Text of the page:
Use of Bait Hives to Reduce the Number of “Loose” Swarms Alan Riach SBA Apr 2020

Use of Bait Hives to Reduce the Number of “Loose” Swarms Alan Riach SBA Apr 2020 

The swarm season is not far away and inevitably there will be swarms, maybe more than usual if folks are not getting out to do swarm control and honey harvesting. However ensure that your bees have plenty of supers to provide space and discourage swarming and if possible practice artificial swarming. 

In order to try and cut down the number of “loose” swarms, this document suggests increasing the number of bait hives, especially in or near urban areas. 

Bee scouts are very thorough and investigate all new home possibilities. An attractive bait hive will be preferred to part of a public building. 

What makes an attractive bait hive? 

Tom Seeley says something the size of a Smith or National brood box (about 35 to 40litre), but the bees have to be able to measure it, which they do by travelling round the interior walls and performing diagonal flutter flights inside the space. 

A hive full of old drawn comb is not the best set-up, because the bees can’t do their diagonal flutter flights inside the hive to complete their volume measurement. 

A hive full of empty standard frames doesn’t work as they usually start drawing comb diagonally across the top bars, no doubt conforming to some inner magnetic field feeling or some such. 

What I’ve found works well is a broodbox with one old drawn comb frame at one side (to give a bee smell) and the remaining 10 frames with 20mm strips of foundation fixed to the top bar (trapped with the wedge strip, even with a few spots of glue or some molten wax run down the edge of the wedge to keep the foundation strip in place).An alternative is to use foundationless frames which have a V shaped projection protruding from the underside of the top bar of the frame. Bees like to draw comb from an edge. Both of the above methods will allow the scouts to carry out their diagonal flutter flight distance/volume measurements.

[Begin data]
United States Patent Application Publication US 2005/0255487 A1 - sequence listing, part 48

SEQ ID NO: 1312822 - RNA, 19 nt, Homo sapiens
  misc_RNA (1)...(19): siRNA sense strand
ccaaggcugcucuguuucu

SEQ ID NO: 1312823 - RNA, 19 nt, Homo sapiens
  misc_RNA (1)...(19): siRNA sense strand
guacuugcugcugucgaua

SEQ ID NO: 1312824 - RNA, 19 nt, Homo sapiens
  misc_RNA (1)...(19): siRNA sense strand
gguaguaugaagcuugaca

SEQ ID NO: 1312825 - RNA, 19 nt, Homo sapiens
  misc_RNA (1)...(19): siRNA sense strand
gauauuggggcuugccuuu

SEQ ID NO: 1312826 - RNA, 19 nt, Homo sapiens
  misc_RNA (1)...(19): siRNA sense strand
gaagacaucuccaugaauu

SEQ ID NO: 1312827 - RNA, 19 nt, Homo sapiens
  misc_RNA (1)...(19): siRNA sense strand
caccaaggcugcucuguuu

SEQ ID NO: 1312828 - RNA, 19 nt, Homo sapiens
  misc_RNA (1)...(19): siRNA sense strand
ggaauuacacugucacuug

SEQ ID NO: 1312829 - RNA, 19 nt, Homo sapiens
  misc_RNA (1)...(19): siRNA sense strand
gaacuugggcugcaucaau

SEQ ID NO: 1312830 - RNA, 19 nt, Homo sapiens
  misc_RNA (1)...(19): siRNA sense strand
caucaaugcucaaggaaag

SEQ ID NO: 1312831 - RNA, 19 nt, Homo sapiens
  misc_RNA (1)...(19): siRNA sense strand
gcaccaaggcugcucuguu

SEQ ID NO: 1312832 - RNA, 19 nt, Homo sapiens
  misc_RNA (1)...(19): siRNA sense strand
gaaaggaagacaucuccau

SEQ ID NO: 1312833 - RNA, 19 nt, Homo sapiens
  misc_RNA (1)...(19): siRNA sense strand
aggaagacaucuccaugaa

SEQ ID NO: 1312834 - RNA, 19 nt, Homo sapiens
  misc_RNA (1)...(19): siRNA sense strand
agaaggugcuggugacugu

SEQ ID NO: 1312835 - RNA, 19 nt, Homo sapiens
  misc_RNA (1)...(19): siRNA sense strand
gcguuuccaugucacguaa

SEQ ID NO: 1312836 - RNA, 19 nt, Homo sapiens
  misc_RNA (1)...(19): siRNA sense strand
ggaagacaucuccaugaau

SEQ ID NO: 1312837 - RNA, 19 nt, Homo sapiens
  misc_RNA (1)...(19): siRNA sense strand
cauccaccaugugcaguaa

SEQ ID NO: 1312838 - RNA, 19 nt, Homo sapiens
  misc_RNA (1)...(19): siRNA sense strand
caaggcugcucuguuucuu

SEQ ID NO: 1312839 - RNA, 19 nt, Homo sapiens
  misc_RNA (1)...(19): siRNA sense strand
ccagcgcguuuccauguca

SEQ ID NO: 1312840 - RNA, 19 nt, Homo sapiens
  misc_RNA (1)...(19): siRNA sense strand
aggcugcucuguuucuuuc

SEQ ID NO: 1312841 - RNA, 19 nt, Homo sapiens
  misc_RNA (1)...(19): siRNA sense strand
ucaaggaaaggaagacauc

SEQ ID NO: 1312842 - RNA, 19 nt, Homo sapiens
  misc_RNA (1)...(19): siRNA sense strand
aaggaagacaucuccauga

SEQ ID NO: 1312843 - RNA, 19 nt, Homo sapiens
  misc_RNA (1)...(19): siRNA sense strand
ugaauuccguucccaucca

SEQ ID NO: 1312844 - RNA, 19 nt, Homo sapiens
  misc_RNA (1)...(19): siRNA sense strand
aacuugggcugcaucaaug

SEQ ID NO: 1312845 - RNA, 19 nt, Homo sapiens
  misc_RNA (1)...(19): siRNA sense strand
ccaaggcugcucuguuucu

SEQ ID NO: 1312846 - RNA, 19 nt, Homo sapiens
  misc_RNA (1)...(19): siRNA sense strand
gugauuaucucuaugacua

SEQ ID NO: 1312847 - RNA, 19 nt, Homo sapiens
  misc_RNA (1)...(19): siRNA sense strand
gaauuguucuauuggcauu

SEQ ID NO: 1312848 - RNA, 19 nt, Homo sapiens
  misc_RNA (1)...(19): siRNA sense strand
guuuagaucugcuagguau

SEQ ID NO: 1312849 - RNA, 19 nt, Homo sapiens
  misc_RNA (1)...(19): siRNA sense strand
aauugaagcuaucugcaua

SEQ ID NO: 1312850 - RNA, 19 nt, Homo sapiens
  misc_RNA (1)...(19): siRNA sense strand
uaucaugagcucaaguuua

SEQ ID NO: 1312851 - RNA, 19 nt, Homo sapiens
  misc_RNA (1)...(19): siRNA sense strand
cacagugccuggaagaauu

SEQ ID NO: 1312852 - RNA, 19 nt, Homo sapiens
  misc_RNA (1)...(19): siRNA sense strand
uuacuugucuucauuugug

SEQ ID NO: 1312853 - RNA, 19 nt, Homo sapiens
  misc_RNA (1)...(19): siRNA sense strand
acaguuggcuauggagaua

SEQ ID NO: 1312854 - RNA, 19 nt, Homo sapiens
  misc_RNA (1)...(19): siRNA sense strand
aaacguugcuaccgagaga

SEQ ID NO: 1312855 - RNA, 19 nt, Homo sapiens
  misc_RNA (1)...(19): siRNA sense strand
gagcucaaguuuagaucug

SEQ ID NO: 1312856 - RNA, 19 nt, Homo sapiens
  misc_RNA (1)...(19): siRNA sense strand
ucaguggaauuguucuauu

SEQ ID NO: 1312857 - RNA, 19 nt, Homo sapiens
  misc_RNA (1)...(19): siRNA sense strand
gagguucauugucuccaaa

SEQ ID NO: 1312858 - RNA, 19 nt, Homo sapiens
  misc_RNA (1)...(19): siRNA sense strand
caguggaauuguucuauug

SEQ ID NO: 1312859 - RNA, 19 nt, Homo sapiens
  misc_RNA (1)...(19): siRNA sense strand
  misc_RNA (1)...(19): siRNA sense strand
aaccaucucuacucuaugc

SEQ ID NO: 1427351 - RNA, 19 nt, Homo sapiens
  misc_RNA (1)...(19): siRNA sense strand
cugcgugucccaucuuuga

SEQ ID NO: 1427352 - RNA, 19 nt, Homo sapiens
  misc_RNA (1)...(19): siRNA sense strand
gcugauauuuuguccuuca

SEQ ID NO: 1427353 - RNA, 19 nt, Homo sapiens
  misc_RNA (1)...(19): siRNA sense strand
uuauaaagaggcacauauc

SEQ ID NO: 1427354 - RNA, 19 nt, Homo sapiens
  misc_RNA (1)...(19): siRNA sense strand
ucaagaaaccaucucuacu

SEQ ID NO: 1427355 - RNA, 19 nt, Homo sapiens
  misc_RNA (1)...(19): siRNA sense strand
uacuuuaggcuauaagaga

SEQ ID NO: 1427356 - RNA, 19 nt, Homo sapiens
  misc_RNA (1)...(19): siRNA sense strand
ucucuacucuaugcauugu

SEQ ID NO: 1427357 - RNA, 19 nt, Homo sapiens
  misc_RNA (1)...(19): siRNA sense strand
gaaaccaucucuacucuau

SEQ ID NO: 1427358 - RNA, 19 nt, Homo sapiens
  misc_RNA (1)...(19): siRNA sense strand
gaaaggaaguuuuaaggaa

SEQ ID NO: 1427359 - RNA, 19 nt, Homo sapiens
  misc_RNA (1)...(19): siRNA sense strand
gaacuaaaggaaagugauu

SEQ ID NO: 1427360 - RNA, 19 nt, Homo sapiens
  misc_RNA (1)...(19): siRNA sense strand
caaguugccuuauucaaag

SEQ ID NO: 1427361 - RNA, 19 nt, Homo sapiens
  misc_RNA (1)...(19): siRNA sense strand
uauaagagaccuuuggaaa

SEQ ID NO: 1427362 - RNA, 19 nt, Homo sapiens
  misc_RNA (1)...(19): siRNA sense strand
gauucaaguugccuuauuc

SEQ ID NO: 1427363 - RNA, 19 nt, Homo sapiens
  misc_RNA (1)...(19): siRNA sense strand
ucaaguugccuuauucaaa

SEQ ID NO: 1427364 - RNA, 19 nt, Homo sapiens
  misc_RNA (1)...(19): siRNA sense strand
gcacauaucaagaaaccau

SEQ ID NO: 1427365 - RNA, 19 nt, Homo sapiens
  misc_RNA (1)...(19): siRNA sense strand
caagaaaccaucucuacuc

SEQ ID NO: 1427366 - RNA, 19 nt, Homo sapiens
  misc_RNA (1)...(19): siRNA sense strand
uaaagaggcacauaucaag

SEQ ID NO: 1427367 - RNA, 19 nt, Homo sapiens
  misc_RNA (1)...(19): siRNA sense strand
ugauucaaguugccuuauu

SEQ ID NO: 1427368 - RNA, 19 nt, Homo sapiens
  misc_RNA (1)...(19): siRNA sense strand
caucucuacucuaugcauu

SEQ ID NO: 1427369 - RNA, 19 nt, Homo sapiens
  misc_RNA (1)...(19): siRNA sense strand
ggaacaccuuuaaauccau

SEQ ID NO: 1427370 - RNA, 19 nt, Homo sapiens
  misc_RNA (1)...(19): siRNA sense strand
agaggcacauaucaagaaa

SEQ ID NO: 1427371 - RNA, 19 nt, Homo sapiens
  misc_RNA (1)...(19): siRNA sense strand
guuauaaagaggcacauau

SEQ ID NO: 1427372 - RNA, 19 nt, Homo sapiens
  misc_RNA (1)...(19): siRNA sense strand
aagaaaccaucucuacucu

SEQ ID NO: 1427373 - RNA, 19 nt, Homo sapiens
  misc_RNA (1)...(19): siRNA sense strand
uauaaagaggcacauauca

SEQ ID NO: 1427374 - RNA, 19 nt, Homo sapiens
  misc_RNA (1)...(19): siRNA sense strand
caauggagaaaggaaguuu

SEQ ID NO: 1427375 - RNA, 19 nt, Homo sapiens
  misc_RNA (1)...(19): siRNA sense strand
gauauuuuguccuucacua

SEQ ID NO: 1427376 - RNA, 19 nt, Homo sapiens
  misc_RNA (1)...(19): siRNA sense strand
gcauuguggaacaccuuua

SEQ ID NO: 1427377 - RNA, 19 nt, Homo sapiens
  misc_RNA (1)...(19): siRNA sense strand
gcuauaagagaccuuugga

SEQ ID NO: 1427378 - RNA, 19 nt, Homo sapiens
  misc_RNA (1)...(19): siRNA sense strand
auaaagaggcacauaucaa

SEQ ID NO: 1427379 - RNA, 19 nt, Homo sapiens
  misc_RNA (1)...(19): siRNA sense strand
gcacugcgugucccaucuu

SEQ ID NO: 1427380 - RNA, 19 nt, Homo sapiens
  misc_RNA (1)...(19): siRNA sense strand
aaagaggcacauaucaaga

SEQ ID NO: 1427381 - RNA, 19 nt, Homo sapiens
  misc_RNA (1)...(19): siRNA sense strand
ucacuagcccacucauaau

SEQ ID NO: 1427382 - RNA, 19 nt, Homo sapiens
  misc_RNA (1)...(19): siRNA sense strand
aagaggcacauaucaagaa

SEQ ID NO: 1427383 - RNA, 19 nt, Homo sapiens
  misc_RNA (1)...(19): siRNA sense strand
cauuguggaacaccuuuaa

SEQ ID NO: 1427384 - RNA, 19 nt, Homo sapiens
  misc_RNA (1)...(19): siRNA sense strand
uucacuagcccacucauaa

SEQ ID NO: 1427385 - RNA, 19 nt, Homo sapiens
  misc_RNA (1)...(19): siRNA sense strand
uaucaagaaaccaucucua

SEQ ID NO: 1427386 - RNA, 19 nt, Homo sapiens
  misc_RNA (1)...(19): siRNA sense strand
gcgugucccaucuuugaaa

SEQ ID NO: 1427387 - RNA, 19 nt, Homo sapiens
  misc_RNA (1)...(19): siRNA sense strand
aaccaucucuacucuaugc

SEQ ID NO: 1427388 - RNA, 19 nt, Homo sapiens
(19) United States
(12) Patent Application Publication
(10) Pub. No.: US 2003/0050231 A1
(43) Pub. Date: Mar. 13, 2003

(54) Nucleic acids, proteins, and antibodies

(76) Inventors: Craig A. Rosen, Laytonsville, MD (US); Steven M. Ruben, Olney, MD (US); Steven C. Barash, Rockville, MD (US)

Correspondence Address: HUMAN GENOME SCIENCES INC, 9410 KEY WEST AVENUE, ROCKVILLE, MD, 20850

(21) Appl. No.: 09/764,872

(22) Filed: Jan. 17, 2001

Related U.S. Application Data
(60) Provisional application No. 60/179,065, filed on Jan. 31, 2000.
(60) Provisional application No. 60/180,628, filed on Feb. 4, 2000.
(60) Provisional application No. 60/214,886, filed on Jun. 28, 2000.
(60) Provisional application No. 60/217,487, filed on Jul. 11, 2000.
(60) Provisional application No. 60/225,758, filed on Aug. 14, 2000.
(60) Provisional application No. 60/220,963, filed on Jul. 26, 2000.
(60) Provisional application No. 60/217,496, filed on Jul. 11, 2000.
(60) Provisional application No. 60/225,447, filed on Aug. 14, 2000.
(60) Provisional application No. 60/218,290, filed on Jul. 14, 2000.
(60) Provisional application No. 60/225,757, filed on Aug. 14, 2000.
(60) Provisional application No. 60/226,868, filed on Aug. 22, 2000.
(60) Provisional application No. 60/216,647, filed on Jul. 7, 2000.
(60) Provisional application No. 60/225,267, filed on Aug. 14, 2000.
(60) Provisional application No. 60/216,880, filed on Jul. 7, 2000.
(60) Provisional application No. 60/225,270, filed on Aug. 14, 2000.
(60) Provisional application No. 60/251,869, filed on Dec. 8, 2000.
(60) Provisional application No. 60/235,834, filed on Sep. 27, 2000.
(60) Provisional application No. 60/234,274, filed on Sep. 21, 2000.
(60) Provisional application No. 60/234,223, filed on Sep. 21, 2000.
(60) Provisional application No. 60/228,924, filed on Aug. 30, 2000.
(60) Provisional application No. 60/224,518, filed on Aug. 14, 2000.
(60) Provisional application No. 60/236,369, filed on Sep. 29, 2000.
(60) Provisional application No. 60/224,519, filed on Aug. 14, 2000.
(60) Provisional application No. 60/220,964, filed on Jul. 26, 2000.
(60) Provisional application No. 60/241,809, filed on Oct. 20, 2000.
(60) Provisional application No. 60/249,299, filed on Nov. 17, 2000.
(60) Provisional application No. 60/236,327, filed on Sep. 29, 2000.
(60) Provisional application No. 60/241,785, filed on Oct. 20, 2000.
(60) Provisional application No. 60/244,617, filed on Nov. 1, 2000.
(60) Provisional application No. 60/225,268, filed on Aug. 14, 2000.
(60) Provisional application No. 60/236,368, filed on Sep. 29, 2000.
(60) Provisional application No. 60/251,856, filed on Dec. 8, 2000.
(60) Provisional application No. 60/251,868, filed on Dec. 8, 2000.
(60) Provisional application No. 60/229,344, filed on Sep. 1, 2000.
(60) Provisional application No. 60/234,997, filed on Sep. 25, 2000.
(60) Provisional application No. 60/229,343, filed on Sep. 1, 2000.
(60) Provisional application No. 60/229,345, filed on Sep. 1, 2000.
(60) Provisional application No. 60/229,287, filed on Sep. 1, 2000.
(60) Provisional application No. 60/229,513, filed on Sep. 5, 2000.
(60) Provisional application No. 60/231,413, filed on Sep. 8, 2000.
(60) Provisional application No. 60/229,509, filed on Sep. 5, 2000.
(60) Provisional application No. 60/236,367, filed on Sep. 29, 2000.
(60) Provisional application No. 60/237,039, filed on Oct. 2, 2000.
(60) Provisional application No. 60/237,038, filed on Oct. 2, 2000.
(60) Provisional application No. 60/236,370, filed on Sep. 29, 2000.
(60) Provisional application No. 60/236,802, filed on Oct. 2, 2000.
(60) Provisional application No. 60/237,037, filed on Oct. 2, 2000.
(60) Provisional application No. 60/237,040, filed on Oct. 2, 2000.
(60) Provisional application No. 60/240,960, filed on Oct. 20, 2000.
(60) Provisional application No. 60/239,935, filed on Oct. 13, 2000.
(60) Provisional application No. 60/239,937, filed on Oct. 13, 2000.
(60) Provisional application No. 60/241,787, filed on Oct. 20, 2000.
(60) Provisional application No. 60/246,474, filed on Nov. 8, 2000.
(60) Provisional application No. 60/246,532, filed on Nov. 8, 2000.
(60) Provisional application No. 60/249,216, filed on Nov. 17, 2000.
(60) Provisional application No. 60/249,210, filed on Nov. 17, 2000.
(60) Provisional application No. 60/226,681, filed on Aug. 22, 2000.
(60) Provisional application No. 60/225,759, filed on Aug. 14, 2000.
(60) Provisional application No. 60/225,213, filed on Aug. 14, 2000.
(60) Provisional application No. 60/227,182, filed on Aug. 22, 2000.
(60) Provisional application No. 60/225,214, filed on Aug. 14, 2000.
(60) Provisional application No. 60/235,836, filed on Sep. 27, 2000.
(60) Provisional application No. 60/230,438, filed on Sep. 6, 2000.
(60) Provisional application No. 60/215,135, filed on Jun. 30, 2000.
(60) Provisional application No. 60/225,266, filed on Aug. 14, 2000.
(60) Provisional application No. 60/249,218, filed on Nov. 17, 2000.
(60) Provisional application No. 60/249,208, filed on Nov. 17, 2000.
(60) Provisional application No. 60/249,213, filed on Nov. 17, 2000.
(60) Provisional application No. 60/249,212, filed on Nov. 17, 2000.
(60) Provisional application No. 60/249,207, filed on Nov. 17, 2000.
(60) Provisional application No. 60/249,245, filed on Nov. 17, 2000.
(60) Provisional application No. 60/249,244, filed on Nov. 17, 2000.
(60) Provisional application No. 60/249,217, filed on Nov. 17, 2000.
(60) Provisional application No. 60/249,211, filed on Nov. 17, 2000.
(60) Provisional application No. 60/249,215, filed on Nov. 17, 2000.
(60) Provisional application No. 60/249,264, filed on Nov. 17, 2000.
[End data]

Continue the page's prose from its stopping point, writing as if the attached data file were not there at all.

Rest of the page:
A video clip showing the preparation of such a bait hive has been posted up on the SBA web site. 

Additional advice (often given by David Evans) is to add one or two vertical bamboo skewers to the frames, between top bar and bottom bars (David uses two), so that when the bees have drawn comb and before it has had a few brood cycles to stiffen up, it has some support when the beekeeper is handling the frame, Not essential but worth considering, one skewer would be ok. Some lemongrass oil could also perhaps be smeared on one of the frames, as that does seem to be attractive to bees, but again perhaps not essential (& maybe difficult to get at present) 

If a substantial number of members (especially members in or near urban areas), set up a bait hive it should have an effect on the number of “loose” swarms looking for a home and settling in places where it is difficult to effect a rescue.. 

Of course, there is the subject of disease to consider but, maybe not a big problem for the cities. The use of strips of foundation will also help by forcing a brood break and allowing any disease to be “flushed” out of the workers. However best practice would be to quarantine a swarm for 6 weeks on a quarantine site, As most hobby beekeepers will not have a second empty site suitable for quarantine, the next best solution is to examine the swarm every week for 6 weeks once it has started to produce brood. This is especially important if there has been foulbrood in your area. Make sure you are signed up to Beebase so that you obtain disease warnings. 

We would also advise oxalic acid (trickle or vapor) varroa treatment of bait swarms 5 or 6 days after settling and before brood has been sealed, as the adult mites that may have arrived with the swarm would be sheltered from the oxalic in the sealed cells. Use an authorised oxalic treatment such as Api-Bioxal. 

Once a swarm has established itself in your bait hive, it will need feeding, especially if the weather deteriorates. They will use quite a lot of food to produce wax to draw out comb. Feed 1 to 1 (1 kg sugar to 1 litre of water) in a rapid feeder and keep feeding until they have drawn 80% of the frames, at which point you can stop feeding and add a queen excluder and super. Commence carrying out your weekly checks for FEDSS (Food, eggs, disease, space & swarm signs)